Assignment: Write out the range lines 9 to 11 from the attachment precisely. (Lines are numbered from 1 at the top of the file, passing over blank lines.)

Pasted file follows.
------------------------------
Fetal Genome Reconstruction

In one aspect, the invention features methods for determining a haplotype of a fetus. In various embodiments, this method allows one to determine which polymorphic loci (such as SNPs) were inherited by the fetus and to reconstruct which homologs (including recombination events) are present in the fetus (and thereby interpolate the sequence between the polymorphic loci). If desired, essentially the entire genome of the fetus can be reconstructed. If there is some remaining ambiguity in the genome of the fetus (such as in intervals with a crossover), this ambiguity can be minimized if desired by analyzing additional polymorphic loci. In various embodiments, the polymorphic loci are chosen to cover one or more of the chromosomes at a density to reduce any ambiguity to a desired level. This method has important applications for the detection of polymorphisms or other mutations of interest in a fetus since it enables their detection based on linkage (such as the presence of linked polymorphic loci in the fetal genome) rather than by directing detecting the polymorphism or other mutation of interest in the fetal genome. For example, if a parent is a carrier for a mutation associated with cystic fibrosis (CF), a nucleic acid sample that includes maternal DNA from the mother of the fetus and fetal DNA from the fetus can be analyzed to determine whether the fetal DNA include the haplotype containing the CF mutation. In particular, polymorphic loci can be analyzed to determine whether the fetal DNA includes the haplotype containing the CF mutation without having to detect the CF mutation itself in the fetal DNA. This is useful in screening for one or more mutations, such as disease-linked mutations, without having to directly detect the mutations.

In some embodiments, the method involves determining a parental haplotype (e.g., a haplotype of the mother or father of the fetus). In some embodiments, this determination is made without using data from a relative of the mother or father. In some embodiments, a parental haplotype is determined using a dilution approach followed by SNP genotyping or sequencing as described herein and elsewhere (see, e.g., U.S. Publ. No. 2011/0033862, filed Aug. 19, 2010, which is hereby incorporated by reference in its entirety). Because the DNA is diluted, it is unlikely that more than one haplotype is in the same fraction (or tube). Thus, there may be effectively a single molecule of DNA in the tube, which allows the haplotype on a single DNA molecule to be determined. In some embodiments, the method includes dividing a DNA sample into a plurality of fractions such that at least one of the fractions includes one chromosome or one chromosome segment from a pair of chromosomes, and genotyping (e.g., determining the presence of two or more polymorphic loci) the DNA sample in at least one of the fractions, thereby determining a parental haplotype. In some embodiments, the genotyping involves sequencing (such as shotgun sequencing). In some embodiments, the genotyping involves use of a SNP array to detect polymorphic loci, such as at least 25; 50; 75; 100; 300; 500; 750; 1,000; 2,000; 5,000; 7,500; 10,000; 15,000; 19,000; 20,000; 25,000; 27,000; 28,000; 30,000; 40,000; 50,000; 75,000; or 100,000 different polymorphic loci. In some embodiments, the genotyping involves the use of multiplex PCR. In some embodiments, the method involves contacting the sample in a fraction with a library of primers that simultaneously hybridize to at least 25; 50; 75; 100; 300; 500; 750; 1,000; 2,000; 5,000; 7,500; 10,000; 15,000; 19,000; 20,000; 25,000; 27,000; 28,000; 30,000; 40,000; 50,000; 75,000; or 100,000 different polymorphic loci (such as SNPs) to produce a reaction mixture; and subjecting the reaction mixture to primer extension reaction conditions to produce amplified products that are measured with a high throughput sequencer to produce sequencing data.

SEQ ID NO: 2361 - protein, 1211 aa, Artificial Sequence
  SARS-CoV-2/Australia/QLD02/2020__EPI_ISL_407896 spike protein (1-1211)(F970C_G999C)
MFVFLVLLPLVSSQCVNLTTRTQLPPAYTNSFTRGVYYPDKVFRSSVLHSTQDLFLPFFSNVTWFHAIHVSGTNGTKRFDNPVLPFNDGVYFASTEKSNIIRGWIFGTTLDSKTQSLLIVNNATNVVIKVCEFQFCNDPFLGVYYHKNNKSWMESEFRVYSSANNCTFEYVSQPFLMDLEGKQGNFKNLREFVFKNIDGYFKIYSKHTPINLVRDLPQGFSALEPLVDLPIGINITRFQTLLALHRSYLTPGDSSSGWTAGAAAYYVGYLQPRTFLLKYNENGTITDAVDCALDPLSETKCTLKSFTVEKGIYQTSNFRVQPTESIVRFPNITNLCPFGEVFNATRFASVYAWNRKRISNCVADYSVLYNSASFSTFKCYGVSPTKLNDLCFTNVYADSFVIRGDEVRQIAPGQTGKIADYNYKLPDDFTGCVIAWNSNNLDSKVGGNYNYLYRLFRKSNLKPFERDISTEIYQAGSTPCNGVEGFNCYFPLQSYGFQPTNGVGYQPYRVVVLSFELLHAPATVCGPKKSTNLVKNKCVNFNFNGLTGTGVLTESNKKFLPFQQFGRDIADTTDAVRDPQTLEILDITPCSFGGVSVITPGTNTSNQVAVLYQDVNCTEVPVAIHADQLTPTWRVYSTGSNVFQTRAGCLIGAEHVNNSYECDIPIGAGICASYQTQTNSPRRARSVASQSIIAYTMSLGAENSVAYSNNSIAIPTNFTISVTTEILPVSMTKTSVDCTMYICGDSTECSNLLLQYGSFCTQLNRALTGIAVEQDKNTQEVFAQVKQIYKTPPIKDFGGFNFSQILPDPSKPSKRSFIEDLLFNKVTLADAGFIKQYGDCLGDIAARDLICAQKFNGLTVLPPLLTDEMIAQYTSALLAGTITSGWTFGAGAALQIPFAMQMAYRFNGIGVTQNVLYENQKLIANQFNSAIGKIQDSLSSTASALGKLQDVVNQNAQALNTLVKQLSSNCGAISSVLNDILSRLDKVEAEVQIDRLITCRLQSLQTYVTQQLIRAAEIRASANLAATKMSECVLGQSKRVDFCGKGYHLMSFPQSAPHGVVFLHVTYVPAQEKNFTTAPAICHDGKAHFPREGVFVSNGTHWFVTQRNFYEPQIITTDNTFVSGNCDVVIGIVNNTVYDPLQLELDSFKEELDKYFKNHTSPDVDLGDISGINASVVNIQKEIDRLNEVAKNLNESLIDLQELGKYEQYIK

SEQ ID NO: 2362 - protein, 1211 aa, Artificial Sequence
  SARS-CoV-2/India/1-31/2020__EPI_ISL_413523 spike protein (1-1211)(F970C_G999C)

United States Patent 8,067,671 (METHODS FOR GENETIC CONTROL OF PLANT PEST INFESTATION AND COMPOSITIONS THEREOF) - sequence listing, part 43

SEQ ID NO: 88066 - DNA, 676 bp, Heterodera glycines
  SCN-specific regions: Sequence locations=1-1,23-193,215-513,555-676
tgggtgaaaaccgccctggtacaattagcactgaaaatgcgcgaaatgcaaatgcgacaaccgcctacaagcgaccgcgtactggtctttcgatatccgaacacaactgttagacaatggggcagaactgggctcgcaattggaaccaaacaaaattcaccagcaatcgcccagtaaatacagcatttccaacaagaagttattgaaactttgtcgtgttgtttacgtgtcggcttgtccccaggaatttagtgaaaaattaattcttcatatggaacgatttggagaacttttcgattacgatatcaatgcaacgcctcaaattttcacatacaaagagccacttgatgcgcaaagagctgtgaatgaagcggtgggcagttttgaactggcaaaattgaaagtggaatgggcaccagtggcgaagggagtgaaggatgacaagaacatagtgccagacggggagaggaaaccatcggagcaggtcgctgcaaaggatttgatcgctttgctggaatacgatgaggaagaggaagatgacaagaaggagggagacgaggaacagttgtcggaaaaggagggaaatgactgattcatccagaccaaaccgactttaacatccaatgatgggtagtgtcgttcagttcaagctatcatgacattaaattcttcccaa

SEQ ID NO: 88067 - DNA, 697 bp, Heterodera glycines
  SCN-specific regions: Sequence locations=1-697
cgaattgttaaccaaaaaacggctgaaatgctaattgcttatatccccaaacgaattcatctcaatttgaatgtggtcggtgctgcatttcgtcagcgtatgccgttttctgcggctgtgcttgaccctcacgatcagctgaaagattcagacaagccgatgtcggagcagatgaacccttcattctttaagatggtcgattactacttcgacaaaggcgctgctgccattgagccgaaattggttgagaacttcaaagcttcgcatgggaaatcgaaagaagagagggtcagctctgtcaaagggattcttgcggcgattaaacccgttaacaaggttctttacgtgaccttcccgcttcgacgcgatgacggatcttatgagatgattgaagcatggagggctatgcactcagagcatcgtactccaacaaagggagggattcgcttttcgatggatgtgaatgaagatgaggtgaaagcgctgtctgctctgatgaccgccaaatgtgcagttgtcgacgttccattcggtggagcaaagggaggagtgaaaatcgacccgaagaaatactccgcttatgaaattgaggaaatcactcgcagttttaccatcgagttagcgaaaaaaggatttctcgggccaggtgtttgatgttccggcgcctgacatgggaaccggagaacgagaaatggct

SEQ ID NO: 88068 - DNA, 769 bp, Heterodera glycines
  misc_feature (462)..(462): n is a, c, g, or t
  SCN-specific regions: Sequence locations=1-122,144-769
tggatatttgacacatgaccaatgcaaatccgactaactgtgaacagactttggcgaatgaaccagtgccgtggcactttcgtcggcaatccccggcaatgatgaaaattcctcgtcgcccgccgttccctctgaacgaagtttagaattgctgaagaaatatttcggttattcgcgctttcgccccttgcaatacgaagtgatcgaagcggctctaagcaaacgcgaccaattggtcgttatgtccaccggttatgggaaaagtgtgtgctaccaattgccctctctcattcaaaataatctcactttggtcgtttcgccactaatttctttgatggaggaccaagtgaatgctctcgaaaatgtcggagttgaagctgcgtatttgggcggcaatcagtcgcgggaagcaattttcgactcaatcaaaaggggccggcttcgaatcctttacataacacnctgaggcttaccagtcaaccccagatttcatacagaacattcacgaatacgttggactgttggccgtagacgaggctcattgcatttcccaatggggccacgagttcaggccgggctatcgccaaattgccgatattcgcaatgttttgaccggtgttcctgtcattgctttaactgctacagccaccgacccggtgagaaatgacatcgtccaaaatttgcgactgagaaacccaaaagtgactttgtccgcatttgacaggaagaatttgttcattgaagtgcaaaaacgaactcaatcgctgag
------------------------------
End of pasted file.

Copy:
United States Patent 8,067,671 (METHODS FOR GENETIC CONTROL OF PLANT PEST INFESTATION AND COMPOSITIONS THEREOF) - sequence listing, part 43

SEQ ID NO: 88066 - DNA, 676 bp, Heterodera glycines
  SCN-specific regions: Sequence locations=1-1,23-193,215-513,555-676